In special cases, women may be advised not to breastfeed. These instances include when a woman is taking certain medications or drugs, when she has been diagnosed with a specific illness, or when other specific conditions apply.
For the latest information on COVID-19 and breastfeeding, visit CDC at https://www.cdc.gov/coronavirus/2019-ncov/need-extra-precautions/pregnancy-breastfeeding.html.
Certain medications are known to be dangerous to infants and can be passed to your infant in your breast milk. Women taking the following medicines should speak with their health care providers before considering breastfeeding:
- Antiretroviral medications (for HIV/AIDS treatment)1
- Birth-control medications containing estrogen, until breastfeeding has been well established2
- Cancer chemotherapy agents1
- Illegal drugs1
- Certain medications prescribed to treat migraines, such as ergot alkaloids3
- Mood stabilizers, such as lithium and lamotrigine4
- Sleep-aid medicines5
In addition, women who are undergoing radiation therapy should not breastfeed, although some therapies may require only a brief interruption of breastfeeding.1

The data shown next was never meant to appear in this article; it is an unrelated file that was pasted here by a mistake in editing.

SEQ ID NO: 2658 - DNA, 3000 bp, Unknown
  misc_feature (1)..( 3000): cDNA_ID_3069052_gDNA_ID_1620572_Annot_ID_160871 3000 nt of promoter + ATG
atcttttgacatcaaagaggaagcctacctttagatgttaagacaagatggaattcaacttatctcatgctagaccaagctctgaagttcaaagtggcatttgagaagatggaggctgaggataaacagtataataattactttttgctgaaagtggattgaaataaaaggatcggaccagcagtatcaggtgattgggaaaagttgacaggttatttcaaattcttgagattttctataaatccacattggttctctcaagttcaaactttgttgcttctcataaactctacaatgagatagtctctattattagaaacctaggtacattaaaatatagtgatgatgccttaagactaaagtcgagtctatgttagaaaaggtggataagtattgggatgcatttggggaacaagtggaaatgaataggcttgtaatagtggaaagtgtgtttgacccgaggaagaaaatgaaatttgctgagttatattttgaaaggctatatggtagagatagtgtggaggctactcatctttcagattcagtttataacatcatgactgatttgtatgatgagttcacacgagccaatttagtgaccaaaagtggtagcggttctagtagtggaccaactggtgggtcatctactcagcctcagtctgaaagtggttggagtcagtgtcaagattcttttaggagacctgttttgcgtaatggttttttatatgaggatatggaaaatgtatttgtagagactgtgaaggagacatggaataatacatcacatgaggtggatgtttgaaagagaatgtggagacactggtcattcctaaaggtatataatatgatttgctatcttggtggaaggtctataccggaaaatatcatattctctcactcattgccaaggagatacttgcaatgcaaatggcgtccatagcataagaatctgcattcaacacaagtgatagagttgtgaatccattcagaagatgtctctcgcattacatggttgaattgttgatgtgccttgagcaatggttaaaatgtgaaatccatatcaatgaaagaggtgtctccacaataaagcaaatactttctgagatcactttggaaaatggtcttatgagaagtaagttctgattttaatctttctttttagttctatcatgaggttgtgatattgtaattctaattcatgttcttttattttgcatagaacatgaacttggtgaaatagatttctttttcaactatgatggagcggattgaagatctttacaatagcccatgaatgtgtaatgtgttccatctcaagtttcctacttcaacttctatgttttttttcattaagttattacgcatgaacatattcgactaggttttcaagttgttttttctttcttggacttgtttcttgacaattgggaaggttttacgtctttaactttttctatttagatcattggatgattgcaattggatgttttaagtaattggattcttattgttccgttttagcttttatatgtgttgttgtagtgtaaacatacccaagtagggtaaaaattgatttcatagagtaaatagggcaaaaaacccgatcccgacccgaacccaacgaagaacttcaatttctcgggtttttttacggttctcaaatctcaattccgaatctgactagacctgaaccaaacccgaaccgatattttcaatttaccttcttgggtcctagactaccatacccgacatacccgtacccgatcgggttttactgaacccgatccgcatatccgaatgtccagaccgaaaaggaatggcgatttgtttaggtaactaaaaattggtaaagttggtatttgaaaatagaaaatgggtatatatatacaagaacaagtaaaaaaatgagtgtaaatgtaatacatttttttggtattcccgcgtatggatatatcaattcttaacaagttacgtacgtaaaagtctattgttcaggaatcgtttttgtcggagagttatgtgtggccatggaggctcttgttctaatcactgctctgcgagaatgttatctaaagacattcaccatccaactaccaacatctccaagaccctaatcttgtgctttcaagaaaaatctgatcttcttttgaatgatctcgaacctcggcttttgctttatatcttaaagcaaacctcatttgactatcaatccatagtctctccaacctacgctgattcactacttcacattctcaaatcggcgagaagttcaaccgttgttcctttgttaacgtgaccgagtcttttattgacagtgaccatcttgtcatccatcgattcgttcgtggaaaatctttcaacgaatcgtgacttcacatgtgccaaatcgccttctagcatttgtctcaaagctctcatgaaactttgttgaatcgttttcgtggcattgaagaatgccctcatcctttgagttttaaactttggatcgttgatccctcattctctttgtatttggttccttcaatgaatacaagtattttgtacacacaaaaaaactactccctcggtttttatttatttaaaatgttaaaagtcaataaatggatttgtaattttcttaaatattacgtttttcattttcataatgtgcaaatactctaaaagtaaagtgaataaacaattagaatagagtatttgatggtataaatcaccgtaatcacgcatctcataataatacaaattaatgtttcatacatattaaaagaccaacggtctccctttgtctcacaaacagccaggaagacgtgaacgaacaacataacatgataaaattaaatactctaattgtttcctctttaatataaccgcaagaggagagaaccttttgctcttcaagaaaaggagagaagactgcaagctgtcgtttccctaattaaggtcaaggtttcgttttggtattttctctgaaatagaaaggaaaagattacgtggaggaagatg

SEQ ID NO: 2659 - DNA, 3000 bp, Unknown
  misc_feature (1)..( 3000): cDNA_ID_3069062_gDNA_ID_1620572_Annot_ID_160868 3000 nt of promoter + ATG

The above list of medications and other drugs is only a guideline. Before breastfeeding, you should speak with your health care provider about all medications that you are taking.5 These include prescribed medications, over-the-counter medicines, vitamins, and herbal therapies.
Medications that are safe during pregnancy may also be safe for you to continue while you are breastfeeding, although you should check with your health care provider to make sure they are safe before you breastfeed.5
Contact your infant's health care provider if you see any signs of a reaction to your breast milk in your infant, such as diarrhea, excessive crying, or sleepiness.5
Women with certain illnesses and infections may be advised not to breastfeed because of the danger of passing the illness or infection to the breastfed infant.
If you have any of the following conditions, breastfeeding your infant is NOT advised. For more information, speak with your health care provider:1
- Infection with HIV
- Infection with human T-cell lymphotropic virus type I or type II
- Untreated, active tuberculosis